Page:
List of vaporware
Vaporware is a term to refer to products that are never released but never cancelled. It can also refer to products that are released far behind schedules, and also heavily promoted products that do not actually exist. This list documents products which have been labelled as vaporware.
- Phantom – a console gaming system developed by Infinium Labs. A prototype was demonstrated in 2004, but its release was continually delayed and the company never announced that the product was cancelled. The company was accused of a pump and dump scam. It received the first place in "Vaporwares 2004" in Wired News.
- Ovation was a highly promoted office suite. After demonstrations that were well received, it was later revealed that the product never existed. It is "widely considered the mother of all vaporware," according to Laurie Flynn of The New York Times.
- Half-Life 2: Episode Three. The trilogy of episodes following Half-Life 2 was intended to be concluded by the end of 2007. Although the first two episodes were released in a relatively timely fashion, the final installment never surfaced. Despite sporadic assurances from the developer Valve that the sequel is in development, there has been no information about the game or when it may see a release.
Products which once were considered to be vaporware which eventually surfaced after a prolonged time:
- Duke Nukem Forever - Initial game development was announced in April 1997 with a scheduled launch of 1998, however the game experienced many delays and was not released until June 10, 2011, more than 14 years after initial development. See also Development of Duke Nukem Forever.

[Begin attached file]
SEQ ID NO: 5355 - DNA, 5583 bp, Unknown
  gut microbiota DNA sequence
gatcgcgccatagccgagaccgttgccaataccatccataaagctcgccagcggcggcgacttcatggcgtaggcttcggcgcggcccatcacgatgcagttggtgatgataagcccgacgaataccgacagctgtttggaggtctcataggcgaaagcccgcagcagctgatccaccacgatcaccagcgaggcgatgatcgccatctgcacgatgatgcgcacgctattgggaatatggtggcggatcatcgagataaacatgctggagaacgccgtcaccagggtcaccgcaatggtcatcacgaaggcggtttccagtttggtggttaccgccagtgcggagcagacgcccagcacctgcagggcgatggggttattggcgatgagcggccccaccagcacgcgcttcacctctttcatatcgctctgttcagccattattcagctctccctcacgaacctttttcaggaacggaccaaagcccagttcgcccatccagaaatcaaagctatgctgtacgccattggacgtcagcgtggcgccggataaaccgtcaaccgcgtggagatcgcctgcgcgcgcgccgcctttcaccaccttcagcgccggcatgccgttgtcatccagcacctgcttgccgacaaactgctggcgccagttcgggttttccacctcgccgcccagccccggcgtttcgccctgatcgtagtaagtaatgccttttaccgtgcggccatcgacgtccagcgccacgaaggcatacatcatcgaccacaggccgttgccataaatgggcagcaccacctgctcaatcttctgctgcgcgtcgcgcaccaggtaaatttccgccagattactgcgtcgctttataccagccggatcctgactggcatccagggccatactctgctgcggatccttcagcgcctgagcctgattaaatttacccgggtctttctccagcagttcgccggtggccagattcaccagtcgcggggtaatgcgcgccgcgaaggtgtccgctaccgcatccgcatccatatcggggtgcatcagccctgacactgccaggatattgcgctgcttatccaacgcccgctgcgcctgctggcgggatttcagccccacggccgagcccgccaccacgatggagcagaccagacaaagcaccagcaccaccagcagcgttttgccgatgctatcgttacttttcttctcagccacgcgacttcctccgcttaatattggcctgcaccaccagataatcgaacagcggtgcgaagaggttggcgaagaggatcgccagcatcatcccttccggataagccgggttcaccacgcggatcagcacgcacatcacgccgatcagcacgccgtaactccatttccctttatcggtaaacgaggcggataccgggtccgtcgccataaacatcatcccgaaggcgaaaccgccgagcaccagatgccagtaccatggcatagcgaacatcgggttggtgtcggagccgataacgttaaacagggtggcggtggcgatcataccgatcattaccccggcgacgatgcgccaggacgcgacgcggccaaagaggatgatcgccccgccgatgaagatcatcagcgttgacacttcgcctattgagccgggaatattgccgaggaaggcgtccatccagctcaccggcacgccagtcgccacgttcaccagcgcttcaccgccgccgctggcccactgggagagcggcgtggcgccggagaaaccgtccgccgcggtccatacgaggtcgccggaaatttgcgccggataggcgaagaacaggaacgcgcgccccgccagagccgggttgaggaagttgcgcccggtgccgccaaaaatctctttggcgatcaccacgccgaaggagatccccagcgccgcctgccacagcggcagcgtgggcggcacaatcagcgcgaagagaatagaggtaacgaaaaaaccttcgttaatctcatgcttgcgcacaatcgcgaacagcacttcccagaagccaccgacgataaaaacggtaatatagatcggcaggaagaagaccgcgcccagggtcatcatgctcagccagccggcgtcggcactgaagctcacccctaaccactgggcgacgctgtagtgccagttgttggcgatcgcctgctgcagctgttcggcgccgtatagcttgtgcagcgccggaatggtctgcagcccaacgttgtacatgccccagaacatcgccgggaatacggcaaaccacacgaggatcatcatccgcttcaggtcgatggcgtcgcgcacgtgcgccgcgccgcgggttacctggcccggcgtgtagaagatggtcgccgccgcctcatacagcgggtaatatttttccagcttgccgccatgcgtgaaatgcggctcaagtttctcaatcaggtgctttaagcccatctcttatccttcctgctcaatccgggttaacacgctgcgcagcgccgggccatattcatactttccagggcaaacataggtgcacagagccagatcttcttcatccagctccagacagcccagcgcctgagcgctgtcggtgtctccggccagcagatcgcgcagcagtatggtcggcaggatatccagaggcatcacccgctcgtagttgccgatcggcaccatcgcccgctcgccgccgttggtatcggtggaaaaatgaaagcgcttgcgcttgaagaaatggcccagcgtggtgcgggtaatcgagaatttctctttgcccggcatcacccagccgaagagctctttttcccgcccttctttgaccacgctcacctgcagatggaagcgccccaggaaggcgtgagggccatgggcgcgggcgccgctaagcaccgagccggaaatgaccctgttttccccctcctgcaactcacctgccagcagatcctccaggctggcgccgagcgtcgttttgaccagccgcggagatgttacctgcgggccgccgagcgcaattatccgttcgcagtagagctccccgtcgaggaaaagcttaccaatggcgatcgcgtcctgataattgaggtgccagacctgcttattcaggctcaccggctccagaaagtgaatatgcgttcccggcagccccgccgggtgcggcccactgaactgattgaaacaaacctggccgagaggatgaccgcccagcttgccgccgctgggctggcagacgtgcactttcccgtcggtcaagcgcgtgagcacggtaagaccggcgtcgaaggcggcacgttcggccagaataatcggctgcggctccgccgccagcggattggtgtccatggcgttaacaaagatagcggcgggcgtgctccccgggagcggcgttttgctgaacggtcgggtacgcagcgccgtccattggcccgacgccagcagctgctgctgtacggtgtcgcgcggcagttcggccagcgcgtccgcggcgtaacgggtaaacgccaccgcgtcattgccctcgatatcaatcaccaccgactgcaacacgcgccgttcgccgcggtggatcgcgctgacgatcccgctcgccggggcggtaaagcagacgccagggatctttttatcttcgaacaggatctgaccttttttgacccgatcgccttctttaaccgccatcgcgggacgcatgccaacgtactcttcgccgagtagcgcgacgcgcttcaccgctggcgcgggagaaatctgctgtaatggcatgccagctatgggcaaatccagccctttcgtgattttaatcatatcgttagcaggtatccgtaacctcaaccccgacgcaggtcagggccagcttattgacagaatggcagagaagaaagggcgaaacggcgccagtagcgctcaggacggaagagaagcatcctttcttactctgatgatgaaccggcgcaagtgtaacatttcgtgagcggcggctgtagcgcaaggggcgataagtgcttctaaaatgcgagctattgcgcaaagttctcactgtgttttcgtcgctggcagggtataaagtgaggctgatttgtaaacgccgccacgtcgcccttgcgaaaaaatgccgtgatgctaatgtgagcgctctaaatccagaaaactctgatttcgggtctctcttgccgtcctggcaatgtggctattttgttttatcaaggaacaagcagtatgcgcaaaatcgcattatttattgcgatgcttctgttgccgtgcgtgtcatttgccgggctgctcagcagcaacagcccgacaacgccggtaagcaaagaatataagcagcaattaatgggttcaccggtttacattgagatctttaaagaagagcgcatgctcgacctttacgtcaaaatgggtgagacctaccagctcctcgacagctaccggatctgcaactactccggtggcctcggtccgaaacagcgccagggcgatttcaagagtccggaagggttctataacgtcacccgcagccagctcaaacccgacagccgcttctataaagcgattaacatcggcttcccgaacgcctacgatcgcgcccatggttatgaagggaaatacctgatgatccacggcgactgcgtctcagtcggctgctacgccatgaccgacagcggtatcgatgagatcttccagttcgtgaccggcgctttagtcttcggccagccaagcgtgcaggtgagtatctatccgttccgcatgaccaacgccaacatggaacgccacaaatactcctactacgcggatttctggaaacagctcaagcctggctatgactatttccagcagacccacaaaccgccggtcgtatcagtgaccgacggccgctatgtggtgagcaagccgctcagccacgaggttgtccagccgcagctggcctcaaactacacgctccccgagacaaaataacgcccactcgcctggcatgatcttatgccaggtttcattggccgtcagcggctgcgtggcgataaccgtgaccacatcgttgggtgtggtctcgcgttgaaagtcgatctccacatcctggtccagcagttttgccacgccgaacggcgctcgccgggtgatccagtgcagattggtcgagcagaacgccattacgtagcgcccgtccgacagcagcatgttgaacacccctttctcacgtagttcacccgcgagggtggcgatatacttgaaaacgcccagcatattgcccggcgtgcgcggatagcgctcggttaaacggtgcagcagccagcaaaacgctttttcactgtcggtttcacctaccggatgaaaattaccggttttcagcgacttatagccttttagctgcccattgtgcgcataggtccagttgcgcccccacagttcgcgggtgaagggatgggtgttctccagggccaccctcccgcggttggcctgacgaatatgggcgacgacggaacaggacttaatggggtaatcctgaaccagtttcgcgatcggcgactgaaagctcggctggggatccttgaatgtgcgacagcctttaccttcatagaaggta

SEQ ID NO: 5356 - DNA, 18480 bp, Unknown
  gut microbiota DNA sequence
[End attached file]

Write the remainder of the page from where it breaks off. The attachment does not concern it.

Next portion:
- Windows Vista (then, "Windows Code Name 'Longhorn'")
- Mac OS X, the long-awaited "next generation Mac OS" that finally shipped replacing the announced and later abandoned Copland, Gershwin and Taligent operating system attempts.
- Warcraft III
- S.T.A.L.K.E.R.: Shadow of Chernobyl – Originally announced in 2001, the game experienced numerous delays. Beta builds of the final product have been distributed to numerous game review sites. On 3 March 2007, THQ announced that the game had gone gold and was released on 20 March 2007, though it was leaked three days earlier.
- Team Fortress 2 was announced in 1999 and took 8 years to be released. With a complete change in gameplay and art direction, the North American release took place on 9 October 2007.
- Kahney, Leander (7 January 2005). "Vaporware Phantom Haunts Us All". Wired News. Archived from the original on 31 January 2006. Retrieved 2006-05-17.
- Flynn, Laurie (24 April 1995). "The Executive Computer". The New York Times (The New York Times Company). ISSN 0362-4331. Retrieved 2010-04-14.
- "Vaporware 2010: The Great White Duke". Wired.com. Retrieved 30 July 2013.
- The Real Reason 3G is Vaporware. Wired.com.
- "Vaporware 2000: Missing Inaction". Wired. 2001. Retrieved 2007-10-31. "The bona fide beginning of the new millennium is almost upon us, but some things never change: The tech industry continues to whip up excitement by promising amazing new technologies, only to crush our spirits by delaying, postponing, pushing back or otherwise derailing the arrival of said goods – sometimes indefinitely."
- "Vaporware '99: The 'Winners'". Wired. 3 January 2000. Retrieved 2007-10-31. "The last year of the last decade before 2000 has come and gone, but the Vaporware 1999 "winners" are still a dream to some, and a nightmare to others."
- Vaporware: Why Apple Doesn't Blog. Roughlydrafted.com (7 December 2006).
- "Vaporware 2001: Empty Promises". Wired. 7 January 2002. Retrieved 2007-10-31. "Whatever you like to call it – the New Economy, the Dot-Com Economy, the Clinton Years – one thing is now clear about the period of prosperity that began in the mid-'90s and was snuffed out early last year."
- Top 10 Tuesday: Modern Vaporware. Pc.ign.com (11 April 2006).
- First impressions – S.T.A.L.K.E.R.: Shadow of Chernobyl. Eurogamer